All the chewy goodness of fallacious reasoning in new fun-sized bites!

Ad verecundiam is Latin for “appeals to authority”
Ad populum is Lating for “appeals to the people”

An “appeals to authority” argument, according to Dr. John Nolt et al., occurs when “we accept or reject a claim merely because of the prestige, status, or respect we accord its proponents (or opponents).”[1] In other words, if someone we hold in high regard says something, we immediately believe it.

For example:

Richard Dawkins says no one should believe God exists.
Therefore, I should not believe God exists.

Just because someone holds an impressive rank for particular achievements does not mean they get to make assertions with no evidence to support them. Do not be persuaded by titles. Be persuaded by good arguments.

An argument that “appeals to the people” principally follows the same structure of the “appeals to authority” except, in this instance, “we infer a conclusion on the grounds that most people accept it.”[2]

For example:

97% of scientists agree with evolution
Therefore, I agree with evolution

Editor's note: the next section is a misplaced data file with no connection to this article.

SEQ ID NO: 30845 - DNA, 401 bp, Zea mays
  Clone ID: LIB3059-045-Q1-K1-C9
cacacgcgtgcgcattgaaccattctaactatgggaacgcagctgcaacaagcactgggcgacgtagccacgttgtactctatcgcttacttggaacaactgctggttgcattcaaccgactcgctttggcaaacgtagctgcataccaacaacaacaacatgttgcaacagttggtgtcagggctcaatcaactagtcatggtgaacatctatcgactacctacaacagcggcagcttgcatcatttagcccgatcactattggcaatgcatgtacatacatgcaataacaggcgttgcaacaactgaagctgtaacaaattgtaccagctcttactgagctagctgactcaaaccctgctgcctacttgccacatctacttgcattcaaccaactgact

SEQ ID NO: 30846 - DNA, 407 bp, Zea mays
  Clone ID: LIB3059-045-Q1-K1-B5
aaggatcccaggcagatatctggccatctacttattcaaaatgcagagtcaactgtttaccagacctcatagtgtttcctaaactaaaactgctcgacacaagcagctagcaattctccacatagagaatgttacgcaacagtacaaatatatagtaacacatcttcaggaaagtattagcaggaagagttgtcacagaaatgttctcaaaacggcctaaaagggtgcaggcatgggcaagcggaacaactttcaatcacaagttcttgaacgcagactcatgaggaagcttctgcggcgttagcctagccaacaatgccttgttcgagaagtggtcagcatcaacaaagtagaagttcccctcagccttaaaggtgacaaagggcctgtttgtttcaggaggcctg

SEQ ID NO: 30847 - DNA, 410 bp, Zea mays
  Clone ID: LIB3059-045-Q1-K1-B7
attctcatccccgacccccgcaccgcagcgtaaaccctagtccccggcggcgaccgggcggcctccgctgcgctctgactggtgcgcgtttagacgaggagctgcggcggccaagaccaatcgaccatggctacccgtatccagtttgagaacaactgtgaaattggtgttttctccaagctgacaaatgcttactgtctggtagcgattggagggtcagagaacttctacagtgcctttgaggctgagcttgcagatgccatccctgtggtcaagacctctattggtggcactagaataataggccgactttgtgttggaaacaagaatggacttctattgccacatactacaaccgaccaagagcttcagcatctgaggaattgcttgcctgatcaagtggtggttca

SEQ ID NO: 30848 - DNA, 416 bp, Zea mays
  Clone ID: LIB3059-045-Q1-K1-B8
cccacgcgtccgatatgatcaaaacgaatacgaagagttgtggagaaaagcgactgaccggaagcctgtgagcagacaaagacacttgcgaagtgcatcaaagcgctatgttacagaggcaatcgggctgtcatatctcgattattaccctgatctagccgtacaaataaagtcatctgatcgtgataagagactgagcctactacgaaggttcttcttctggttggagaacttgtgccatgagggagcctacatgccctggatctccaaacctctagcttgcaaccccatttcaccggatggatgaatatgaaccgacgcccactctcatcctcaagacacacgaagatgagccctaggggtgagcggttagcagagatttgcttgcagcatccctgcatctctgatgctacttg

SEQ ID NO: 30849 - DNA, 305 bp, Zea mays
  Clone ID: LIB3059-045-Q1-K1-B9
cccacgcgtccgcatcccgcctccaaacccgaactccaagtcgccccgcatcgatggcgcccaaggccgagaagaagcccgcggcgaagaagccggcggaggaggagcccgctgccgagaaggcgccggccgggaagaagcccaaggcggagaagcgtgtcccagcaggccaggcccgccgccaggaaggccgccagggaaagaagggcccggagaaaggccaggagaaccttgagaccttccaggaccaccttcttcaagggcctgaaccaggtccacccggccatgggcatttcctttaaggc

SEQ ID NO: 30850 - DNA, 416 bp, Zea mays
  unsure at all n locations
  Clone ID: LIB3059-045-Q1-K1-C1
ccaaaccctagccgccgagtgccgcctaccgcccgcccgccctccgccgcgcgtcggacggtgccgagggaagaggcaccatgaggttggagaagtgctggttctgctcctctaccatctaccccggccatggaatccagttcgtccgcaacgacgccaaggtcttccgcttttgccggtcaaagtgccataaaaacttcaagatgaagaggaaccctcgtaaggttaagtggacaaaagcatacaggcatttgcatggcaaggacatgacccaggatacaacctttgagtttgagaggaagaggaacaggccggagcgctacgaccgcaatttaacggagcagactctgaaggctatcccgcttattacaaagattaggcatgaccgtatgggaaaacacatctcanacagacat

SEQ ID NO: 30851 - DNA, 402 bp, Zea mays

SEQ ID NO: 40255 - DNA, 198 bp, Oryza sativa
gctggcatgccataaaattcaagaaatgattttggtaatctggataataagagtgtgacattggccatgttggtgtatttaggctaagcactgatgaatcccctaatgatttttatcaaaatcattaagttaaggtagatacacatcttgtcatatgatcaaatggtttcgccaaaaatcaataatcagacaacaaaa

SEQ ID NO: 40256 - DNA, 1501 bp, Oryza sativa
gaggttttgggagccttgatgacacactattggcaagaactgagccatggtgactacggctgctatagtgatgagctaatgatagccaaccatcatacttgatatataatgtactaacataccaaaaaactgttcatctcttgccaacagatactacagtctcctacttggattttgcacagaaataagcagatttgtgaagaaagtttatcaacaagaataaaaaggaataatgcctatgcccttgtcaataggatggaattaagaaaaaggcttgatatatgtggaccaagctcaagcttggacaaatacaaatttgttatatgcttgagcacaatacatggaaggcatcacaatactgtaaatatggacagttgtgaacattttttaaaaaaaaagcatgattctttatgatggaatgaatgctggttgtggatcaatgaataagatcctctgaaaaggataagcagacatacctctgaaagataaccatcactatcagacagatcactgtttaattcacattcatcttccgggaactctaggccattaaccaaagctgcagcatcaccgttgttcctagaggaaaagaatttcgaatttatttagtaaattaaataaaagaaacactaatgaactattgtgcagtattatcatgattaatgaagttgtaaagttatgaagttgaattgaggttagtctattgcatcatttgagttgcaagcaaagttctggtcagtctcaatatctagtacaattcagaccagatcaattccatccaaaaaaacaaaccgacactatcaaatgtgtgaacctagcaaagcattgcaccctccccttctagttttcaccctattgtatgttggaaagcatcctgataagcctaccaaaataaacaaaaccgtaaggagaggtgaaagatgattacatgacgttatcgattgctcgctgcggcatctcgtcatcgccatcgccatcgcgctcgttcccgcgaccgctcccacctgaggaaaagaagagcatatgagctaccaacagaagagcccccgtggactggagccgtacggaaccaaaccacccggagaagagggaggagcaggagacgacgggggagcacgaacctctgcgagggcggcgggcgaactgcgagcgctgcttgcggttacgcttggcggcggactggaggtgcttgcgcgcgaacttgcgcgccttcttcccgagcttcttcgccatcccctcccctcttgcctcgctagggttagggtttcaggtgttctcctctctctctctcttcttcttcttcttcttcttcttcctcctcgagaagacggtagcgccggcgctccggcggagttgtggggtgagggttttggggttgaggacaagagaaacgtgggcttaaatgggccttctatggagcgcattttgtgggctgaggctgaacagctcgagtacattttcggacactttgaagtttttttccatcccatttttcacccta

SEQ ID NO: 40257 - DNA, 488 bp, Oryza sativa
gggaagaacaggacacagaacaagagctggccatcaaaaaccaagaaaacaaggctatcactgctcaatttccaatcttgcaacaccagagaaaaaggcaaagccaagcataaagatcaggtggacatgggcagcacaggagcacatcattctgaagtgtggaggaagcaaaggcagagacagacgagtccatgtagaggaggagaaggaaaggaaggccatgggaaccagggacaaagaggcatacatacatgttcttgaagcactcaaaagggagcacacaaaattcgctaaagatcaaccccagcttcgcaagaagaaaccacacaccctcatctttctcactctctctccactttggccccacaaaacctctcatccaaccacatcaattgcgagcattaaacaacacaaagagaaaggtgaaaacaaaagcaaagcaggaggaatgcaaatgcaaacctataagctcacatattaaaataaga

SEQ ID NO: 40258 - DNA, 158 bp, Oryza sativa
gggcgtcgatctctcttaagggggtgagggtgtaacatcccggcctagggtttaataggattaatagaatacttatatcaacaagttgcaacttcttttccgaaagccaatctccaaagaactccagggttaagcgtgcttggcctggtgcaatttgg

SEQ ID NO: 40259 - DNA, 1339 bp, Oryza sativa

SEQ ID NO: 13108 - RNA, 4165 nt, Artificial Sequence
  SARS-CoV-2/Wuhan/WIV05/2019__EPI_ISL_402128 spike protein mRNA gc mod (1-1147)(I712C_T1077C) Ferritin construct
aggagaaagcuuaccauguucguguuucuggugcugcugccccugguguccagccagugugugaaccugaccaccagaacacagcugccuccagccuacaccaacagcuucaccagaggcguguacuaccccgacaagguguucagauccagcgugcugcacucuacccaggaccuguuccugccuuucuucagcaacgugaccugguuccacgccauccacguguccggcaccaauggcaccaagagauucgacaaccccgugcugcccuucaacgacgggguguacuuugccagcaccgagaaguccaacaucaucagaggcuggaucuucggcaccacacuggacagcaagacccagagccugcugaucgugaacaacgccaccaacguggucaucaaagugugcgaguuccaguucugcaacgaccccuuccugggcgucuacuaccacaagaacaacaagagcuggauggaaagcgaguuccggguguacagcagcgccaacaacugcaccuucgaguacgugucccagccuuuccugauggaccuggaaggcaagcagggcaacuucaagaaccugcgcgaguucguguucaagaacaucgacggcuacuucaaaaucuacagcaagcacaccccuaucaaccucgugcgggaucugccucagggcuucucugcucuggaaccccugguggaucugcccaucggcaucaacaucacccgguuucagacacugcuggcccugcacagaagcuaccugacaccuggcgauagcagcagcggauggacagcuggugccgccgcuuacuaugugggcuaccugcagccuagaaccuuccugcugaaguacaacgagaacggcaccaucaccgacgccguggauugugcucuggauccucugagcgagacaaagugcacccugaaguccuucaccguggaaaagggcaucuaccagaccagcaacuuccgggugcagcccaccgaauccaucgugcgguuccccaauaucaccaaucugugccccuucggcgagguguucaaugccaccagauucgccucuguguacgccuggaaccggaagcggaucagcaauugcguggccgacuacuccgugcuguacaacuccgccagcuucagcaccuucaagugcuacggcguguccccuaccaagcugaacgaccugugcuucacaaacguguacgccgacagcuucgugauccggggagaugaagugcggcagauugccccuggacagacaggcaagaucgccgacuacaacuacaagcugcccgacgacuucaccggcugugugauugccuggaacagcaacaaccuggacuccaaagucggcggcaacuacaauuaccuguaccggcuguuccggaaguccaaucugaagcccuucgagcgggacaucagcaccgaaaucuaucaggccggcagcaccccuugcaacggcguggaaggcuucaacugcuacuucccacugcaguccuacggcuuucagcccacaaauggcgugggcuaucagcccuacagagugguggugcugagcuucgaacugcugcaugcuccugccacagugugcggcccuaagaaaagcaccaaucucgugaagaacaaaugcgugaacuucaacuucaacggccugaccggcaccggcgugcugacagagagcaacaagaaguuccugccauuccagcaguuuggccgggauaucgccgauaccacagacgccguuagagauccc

This is a combination of both an appeal to authority (i.e. scientists) and most people (i.e. 97%). This statement only tells you about the quantity of something not whether a proposition should be believed based on any evidence. Again, do not be persuaded by how many people believe something. Be persuaded by good arguments.

The best way to point out someone’s fallacy is by using the Columbo tactic as laid out in the Funsized Tactics series. There are plenty of excellent resources available in book, e-book, or PDF format. Two good places to start, with regard to formal and informal fallacies, are A Preface to Philosophy by Mark B. Woodhouse and Schaum’s Outlines: Logic by John Nolt, Dennis Rohatyn, and Achille Varzi.

[1] John Nolt, Dennis Rohatyn, and Achille Varzi, Schaum’s Outlines: Logic, 2nd ed. (New York: The McGraw-Hill Companies, 2011), 199.

[2] Ibid, 201.